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Week in Review: ANC, DA & IFP sign agreement to form national government

Throughout Friday, the ANC/DA/IFP Government of National Unity (GNU) secured control of the country’s key legislatures. In parliament, Thoko Didiza of the ANC was elected Speaker with 284 votes, defeating the EFF’s Veronica Mente, while the DA’s Annelie Lotriet was elected as Deputy Speaker. President Ramaphosa was also comfortably re-elected for a second term late Friday night. These outcomes were made possible by the signing of a broad GNU agreement between the ANC and DA on Friday (which includes the IFP), following intense negotiations that lasted from Thursday night into early Friday morning.

The agreement includes clauses that will guide the composition of Cabinet and key provincial positions. It details the executive decision-making process, a conflict-breaking mechanism and provides guidelines for policymaking and the finalisation of the national budget.

The GNU also secured victories in KZN and Gauteng. In KZN, the ANC’s Nontembeko Boyce was re-elected as speaker, the DA’s Mmabatho Tembe was elected as deputy speaker, and the IFP’s Thami Ntuli will be the new premier, all winning with 41 votes to 39. In Gauteng, the ANC’s Panyaza Lesufi was re-elected as premier with DA support, and Morakane Mosupyoe, also from the ANC, was elected as speaker.

The National Council of Provinces (NCOP) held its first sitting on Saturday, June 15, where 54 permanent delegates from nine provinces were sworn in. Refilwe Mtshweni-Tsipane was elected Chairperson, and Kenneth Mmoiemang was elected Chief Whip for the seventh term of Parliament, both unopposed. The House will elect the Deputy Chairpersons and House Chairpersons of the NCOP at a later date. The NCOP ensures provincial interests are considered in national legislation and promotes a cooperative government. This first sitting, along with the National Assembly’s session, marks the establishment of the seventh term of Parliament.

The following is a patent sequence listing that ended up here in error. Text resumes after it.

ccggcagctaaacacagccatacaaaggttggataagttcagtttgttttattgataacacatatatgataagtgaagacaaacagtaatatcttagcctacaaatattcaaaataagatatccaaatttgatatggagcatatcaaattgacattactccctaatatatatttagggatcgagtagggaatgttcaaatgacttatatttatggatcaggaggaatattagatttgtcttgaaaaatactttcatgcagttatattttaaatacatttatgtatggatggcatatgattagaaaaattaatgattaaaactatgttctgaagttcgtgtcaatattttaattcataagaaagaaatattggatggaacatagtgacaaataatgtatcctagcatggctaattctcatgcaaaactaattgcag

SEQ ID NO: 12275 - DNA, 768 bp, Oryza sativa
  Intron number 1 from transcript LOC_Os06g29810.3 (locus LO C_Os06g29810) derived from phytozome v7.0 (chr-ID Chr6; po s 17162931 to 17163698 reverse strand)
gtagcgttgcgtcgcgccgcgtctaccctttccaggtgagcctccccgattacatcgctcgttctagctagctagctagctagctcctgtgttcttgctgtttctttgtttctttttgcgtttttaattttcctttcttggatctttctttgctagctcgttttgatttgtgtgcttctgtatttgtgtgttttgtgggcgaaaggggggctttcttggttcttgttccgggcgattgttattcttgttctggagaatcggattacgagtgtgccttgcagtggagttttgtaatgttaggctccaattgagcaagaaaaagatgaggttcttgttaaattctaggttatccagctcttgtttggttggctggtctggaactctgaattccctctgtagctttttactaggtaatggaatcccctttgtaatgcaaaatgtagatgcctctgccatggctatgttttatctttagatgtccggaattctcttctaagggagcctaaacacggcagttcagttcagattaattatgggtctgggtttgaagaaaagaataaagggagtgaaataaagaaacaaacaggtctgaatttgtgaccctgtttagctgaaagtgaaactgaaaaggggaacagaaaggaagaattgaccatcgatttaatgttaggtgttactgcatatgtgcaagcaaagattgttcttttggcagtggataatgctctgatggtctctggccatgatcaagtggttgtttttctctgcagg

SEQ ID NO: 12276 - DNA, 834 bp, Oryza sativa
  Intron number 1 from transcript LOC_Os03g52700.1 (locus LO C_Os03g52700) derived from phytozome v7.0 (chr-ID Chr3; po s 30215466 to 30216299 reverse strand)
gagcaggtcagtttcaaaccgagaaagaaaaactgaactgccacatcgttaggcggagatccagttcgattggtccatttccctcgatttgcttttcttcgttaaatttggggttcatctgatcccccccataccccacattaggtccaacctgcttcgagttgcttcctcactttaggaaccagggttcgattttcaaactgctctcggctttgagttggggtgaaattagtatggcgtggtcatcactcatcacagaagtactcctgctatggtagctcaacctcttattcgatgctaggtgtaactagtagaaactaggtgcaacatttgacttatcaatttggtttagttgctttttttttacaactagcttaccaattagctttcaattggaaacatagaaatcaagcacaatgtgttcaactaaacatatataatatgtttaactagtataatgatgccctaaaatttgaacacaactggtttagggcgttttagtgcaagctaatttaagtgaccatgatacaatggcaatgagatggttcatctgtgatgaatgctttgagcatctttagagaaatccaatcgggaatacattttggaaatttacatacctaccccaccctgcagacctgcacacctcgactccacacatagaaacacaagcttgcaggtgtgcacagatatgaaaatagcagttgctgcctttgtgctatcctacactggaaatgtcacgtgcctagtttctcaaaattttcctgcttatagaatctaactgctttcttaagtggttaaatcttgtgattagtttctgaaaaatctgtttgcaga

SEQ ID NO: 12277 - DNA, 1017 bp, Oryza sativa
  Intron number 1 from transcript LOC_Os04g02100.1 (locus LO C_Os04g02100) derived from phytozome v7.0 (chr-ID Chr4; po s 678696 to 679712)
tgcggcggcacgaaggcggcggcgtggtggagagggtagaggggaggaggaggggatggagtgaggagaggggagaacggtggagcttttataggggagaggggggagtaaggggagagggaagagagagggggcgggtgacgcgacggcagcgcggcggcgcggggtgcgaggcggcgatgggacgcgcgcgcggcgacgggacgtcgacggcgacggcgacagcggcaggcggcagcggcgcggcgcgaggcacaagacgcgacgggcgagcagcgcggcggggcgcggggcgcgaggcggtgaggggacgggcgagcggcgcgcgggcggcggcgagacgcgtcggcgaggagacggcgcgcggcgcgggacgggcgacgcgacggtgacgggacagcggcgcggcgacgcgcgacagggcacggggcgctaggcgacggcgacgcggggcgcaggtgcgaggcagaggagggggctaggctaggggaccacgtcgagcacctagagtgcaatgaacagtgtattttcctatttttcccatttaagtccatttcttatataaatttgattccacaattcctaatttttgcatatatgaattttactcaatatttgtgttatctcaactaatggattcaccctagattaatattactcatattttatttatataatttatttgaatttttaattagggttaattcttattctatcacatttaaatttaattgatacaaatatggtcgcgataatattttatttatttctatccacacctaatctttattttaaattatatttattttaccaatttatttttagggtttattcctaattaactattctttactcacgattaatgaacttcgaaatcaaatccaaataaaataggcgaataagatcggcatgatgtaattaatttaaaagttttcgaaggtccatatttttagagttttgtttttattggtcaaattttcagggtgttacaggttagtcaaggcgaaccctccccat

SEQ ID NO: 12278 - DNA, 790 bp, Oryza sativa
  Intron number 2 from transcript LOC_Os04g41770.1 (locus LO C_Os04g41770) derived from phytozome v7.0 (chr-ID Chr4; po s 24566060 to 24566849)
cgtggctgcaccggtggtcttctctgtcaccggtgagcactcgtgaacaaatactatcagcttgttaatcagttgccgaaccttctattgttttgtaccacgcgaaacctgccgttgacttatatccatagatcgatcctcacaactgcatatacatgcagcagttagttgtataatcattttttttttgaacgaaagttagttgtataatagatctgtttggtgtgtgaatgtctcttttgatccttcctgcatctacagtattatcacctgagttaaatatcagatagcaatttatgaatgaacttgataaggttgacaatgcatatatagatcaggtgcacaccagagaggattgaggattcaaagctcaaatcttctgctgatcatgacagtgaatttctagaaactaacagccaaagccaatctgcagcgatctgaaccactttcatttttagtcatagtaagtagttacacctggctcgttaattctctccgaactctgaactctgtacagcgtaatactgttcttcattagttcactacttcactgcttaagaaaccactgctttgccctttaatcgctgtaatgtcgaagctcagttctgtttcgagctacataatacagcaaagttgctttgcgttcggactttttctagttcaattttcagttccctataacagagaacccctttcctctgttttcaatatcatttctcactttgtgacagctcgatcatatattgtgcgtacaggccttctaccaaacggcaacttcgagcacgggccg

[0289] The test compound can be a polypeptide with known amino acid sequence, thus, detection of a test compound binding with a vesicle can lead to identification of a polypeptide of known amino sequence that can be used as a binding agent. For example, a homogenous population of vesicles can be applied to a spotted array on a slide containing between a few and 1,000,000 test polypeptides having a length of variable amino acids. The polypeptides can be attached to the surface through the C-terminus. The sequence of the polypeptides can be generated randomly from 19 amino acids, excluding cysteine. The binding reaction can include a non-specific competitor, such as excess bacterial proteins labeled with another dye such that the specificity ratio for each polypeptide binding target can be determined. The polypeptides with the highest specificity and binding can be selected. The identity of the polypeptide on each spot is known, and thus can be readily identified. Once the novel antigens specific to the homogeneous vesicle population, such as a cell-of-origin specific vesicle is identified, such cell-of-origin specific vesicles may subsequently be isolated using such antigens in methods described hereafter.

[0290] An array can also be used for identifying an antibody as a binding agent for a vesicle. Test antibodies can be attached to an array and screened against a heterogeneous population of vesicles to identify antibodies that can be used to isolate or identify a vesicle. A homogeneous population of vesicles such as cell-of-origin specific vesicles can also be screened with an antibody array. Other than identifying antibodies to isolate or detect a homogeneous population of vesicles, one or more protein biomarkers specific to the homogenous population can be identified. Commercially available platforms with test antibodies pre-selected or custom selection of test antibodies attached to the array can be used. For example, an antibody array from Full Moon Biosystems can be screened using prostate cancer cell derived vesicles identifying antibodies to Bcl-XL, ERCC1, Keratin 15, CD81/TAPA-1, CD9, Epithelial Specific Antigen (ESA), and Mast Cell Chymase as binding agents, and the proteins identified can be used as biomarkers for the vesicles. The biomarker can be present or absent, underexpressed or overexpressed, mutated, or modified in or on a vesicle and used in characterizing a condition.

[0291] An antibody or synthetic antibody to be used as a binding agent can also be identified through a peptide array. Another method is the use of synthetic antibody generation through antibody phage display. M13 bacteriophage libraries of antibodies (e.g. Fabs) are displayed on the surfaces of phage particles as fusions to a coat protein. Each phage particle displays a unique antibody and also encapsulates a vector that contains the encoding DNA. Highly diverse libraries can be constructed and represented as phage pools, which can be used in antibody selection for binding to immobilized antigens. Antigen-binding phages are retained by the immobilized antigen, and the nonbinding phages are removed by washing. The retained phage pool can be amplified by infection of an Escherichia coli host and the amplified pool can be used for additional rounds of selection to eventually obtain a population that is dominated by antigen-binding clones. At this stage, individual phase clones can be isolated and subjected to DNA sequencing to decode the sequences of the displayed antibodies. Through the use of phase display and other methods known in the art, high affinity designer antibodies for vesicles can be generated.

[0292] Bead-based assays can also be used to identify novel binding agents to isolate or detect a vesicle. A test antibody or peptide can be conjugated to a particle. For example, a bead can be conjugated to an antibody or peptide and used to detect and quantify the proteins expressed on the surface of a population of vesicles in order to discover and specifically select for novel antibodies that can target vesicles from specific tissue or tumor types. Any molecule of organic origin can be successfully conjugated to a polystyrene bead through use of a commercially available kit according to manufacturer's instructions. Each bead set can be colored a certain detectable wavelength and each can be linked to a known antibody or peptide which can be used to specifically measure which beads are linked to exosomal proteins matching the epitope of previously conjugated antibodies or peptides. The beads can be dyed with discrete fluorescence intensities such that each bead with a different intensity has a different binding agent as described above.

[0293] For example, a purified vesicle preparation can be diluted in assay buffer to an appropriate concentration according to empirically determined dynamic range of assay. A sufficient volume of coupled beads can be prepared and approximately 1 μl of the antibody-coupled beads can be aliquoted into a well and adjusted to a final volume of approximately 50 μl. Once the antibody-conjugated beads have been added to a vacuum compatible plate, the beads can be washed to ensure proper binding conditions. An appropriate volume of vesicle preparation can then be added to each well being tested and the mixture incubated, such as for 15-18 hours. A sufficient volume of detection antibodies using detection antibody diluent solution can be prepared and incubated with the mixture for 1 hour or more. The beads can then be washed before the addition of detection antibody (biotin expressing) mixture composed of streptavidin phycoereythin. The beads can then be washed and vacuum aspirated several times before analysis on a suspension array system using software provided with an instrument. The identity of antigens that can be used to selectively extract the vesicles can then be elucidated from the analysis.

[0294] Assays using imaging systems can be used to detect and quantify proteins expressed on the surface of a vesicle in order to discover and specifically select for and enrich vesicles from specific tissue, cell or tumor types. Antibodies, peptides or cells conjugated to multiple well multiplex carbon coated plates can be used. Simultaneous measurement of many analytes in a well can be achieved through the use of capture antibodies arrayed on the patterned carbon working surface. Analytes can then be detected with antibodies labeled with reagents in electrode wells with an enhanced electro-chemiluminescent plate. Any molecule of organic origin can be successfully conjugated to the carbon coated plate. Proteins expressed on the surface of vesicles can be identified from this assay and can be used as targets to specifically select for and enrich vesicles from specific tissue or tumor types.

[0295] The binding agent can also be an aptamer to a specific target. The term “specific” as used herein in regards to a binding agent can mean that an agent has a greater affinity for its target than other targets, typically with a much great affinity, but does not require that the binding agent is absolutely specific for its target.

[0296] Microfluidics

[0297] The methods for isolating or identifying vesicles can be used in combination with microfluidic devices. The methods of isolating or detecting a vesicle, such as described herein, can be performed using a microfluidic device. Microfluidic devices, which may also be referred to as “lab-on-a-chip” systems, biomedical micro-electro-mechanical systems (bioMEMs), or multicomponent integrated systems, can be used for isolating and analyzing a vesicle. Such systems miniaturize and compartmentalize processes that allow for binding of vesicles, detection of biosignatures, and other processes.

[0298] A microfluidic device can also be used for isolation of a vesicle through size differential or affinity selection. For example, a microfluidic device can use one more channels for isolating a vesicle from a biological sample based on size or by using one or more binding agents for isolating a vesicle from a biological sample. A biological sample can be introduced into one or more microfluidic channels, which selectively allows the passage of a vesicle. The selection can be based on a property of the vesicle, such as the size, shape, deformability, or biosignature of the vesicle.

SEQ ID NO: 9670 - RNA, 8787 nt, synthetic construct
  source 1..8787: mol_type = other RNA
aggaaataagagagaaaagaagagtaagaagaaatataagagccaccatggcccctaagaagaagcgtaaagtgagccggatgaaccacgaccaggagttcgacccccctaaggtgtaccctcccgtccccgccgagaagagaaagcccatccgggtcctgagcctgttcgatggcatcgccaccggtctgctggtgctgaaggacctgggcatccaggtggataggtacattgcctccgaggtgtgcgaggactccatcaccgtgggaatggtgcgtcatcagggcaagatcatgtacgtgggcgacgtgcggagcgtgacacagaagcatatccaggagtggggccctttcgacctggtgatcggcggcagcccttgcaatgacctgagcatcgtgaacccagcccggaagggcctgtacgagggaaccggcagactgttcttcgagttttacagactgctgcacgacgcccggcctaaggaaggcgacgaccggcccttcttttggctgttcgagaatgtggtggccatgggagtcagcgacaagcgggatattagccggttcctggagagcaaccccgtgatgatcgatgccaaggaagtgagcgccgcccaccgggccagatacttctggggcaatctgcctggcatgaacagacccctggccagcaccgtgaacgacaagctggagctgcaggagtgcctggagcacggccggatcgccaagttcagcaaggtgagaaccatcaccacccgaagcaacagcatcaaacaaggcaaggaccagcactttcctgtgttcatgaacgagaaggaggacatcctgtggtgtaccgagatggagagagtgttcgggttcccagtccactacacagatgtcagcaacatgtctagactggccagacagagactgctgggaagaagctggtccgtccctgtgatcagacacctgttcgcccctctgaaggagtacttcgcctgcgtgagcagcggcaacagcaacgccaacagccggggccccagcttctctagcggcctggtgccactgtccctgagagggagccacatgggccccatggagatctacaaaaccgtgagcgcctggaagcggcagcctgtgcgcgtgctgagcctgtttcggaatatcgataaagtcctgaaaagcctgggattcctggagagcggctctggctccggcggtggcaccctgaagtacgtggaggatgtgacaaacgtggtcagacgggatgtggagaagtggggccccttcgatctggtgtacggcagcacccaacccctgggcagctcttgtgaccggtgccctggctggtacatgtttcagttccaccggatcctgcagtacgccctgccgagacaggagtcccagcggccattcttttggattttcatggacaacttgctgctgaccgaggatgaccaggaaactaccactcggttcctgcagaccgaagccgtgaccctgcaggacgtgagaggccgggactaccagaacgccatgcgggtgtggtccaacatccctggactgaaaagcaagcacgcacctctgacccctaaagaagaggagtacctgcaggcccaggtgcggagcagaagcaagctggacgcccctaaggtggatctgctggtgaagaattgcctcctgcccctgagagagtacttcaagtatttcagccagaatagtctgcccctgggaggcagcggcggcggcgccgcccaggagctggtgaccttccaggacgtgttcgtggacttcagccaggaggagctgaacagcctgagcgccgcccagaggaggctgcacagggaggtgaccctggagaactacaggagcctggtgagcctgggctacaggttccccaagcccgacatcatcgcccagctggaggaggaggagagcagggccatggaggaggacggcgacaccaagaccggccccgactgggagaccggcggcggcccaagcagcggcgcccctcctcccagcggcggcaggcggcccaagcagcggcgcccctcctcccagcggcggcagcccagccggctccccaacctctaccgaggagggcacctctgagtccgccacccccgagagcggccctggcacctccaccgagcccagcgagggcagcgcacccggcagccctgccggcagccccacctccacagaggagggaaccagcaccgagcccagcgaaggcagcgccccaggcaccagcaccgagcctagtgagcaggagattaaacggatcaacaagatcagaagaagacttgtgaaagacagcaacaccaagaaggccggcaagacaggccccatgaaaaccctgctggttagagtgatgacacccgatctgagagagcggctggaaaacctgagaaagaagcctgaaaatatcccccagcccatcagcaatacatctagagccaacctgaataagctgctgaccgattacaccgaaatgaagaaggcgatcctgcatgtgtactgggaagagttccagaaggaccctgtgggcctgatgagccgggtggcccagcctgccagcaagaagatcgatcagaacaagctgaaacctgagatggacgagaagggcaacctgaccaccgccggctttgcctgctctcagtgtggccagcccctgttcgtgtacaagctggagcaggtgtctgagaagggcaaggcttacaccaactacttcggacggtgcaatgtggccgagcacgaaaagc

The new president will be inaugurated on 19 June, leading to the dissolution of the current cabinet, with a new cabinet expected to be announced on 21 June. The next phase will involve a strategy session to outline government policy priorities.

Despite policy differences between the ANC and DA, DA leader John Steenhuisen stressed that the GNU’s success will require sustained hard work and pragmatic negotiation, while navigating opposition from the EFF, MKP, and dissenting ANC members.

On the economic data front, manufacturing production in South Africa (SA) surpassed consensus expectations, growing by 5.3% y/y  in April after a 6.5% contraction in March, according to StatsSA’s recent Manufacturing: Production and Sales preliminary update for April 2024. Additionally, the Bureau for Economic Research (BER) Business Confidence survey reported that business confidence among manufacturers, while still subdued, increased by 7 points to 28%, the highest level in two years.

The JSE gained +0.26% over the week, with SA Inc. stocks (companies whose earnings are predominantly linked to the SA economy)  rallying on Friday after news of the GNU spread. Financials (+8.27%) benefited the most, while Industrials (-1.46%) lagged following the decline of major stocks such as Naspers, Prosus and Richemont. The local currency strengthened against the U.S. dollar, benefiting from the “market-friendly” political outcome, falling to R18.34/$ from last week’s R18.86/$ level. SA government bonds also rallied, as yields on the 10-year fell -0.44% over the week.

Market Moves of the Week